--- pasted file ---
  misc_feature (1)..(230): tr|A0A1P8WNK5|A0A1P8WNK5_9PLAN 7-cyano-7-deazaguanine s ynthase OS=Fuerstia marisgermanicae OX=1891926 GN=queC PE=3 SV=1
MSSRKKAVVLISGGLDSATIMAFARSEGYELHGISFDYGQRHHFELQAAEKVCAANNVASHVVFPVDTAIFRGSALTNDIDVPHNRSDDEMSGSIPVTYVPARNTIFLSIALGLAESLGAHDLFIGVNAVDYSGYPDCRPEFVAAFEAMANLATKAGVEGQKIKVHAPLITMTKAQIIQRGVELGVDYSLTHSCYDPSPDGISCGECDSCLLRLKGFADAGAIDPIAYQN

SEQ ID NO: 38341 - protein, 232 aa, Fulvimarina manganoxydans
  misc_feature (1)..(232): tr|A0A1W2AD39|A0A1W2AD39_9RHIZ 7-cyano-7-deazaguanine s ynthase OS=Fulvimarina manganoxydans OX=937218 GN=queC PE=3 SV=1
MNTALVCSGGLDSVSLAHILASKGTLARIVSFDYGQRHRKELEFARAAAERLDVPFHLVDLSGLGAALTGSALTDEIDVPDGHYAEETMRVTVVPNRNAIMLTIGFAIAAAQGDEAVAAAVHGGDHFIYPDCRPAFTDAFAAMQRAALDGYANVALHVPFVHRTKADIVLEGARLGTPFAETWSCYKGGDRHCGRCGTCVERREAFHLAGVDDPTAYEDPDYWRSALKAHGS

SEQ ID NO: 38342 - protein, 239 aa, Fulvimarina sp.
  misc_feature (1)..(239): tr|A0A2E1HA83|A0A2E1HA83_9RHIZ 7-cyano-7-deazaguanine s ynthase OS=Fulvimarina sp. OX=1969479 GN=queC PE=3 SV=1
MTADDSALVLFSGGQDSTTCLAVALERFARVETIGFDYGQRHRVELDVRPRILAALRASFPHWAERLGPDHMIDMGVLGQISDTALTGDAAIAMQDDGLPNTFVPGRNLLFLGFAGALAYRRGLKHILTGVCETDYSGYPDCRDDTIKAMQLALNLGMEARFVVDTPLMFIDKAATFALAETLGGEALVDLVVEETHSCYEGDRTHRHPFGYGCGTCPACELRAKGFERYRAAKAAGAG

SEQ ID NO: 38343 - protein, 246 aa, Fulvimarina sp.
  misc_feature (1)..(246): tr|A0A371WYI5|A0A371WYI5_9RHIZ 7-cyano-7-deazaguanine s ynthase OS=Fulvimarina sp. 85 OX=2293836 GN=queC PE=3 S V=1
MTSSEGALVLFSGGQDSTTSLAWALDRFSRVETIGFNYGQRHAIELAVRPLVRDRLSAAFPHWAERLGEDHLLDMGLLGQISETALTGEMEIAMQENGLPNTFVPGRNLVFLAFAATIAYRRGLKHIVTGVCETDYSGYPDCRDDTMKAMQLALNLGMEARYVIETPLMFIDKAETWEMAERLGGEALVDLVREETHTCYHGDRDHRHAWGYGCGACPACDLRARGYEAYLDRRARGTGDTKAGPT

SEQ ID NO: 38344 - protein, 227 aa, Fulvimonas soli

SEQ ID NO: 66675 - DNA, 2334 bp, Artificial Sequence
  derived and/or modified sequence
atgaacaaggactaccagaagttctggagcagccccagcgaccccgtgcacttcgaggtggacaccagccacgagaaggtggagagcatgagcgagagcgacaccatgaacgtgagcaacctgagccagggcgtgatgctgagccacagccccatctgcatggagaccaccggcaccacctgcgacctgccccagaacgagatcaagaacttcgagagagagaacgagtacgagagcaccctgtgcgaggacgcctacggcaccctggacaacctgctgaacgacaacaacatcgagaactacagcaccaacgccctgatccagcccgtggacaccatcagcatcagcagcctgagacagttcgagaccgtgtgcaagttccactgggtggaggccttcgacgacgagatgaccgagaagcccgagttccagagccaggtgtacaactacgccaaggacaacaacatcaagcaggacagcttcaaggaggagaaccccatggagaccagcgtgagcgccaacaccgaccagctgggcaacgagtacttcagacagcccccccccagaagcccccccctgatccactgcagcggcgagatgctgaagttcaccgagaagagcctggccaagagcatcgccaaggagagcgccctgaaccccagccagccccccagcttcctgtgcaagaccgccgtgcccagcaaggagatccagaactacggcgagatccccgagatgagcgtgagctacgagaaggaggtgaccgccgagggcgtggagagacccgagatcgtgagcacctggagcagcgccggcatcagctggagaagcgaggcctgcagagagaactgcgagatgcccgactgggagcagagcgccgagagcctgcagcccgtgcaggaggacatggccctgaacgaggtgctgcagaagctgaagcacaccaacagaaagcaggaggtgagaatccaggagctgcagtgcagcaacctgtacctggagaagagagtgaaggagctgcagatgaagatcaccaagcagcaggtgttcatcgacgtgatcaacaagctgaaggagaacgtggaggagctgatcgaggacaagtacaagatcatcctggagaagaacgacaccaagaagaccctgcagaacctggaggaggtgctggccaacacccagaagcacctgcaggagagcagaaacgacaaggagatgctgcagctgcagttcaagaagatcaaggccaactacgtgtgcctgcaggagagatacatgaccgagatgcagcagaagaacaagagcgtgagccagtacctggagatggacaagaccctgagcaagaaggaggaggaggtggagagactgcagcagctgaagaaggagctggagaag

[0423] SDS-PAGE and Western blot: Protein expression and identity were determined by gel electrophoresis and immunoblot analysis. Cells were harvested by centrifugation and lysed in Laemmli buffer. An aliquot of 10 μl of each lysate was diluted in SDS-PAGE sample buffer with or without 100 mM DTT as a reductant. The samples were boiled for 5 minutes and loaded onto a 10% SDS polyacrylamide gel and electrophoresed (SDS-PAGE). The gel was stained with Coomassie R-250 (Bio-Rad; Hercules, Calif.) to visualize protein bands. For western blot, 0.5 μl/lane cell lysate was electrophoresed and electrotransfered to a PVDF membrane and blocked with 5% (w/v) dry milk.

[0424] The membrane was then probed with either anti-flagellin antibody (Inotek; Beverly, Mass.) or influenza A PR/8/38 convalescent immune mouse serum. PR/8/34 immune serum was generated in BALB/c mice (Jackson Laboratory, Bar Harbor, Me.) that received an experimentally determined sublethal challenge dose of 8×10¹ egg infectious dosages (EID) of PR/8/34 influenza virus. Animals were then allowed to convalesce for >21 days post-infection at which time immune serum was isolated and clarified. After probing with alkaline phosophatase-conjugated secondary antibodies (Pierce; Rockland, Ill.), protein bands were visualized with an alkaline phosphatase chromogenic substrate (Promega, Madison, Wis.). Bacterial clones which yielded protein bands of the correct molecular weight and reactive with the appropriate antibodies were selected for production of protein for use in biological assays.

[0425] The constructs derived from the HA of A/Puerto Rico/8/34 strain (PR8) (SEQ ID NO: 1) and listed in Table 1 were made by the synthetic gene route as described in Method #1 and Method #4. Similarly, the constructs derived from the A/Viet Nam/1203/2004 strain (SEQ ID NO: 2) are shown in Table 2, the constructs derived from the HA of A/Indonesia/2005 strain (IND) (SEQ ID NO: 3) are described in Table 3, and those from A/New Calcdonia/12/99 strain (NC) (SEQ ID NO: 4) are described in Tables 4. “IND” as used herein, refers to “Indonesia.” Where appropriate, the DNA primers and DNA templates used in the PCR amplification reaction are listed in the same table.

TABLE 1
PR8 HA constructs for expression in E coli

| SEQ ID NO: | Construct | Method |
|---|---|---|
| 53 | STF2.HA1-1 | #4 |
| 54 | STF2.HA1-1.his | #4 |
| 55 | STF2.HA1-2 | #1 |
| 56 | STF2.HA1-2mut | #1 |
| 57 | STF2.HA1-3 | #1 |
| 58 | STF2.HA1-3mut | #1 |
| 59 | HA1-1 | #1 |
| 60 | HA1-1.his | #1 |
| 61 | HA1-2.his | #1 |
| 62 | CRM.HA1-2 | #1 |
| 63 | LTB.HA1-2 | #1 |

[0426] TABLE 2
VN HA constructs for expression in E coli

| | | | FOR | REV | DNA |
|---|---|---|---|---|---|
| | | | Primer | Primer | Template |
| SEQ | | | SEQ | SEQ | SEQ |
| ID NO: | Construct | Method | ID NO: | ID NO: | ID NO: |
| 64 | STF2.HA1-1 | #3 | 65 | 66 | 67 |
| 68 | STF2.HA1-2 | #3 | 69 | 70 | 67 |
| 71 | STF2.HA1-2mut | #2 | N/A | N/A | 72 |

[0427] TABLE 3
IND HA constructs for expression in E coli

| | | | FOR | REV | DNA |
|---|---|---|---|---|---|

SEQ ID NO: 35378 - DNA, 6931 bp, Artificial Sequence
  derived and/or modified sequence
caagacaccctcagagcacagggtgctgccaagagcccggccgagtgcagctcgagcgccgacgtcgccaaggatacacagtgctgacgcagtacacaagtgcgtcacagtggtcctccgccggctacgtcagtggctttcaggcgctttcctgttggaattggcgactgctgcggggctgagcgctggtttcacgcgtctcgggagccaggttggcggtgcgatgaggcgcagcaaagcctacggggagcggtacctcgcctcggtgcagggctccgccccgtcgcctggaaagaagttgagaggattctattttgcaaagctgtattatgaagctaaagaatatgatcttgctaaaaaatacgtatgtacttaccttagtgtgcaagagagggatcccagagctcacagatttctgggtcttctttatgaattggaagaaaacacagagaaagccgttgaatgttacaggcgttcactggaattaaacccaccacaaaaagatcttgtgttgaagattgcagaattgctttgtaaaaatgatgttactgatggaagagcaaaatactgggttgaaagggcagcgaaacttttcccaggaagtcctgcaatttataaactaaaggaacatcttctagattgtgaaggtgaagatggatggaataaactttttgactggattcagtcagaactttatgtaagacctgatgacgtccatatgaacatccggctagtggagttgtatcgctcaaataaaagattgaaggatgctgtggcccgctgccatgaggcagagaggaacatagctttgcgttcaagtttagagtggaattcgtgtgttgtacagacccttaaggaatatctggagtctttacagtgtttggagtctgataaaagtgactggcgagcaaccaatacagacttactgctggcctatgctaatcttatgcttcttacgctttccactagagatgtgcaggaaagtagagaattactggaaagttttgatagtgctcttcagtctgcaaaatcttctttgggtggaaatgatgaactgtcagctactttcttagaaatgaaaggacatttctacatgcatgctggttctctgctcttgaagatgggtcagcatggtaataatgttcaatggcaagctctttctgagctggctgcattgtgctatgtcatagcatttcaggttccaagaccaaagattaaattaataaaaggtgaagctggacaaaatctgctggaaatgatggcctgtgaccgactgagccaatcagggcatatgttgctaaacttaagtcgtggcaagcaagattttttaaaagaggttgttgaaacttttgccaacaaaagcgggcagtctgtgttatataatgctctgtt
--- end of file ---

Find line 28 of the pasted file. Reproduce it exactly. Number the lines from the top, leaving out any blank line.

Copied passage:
| 58 | STF2.HA1-3mut | #1 |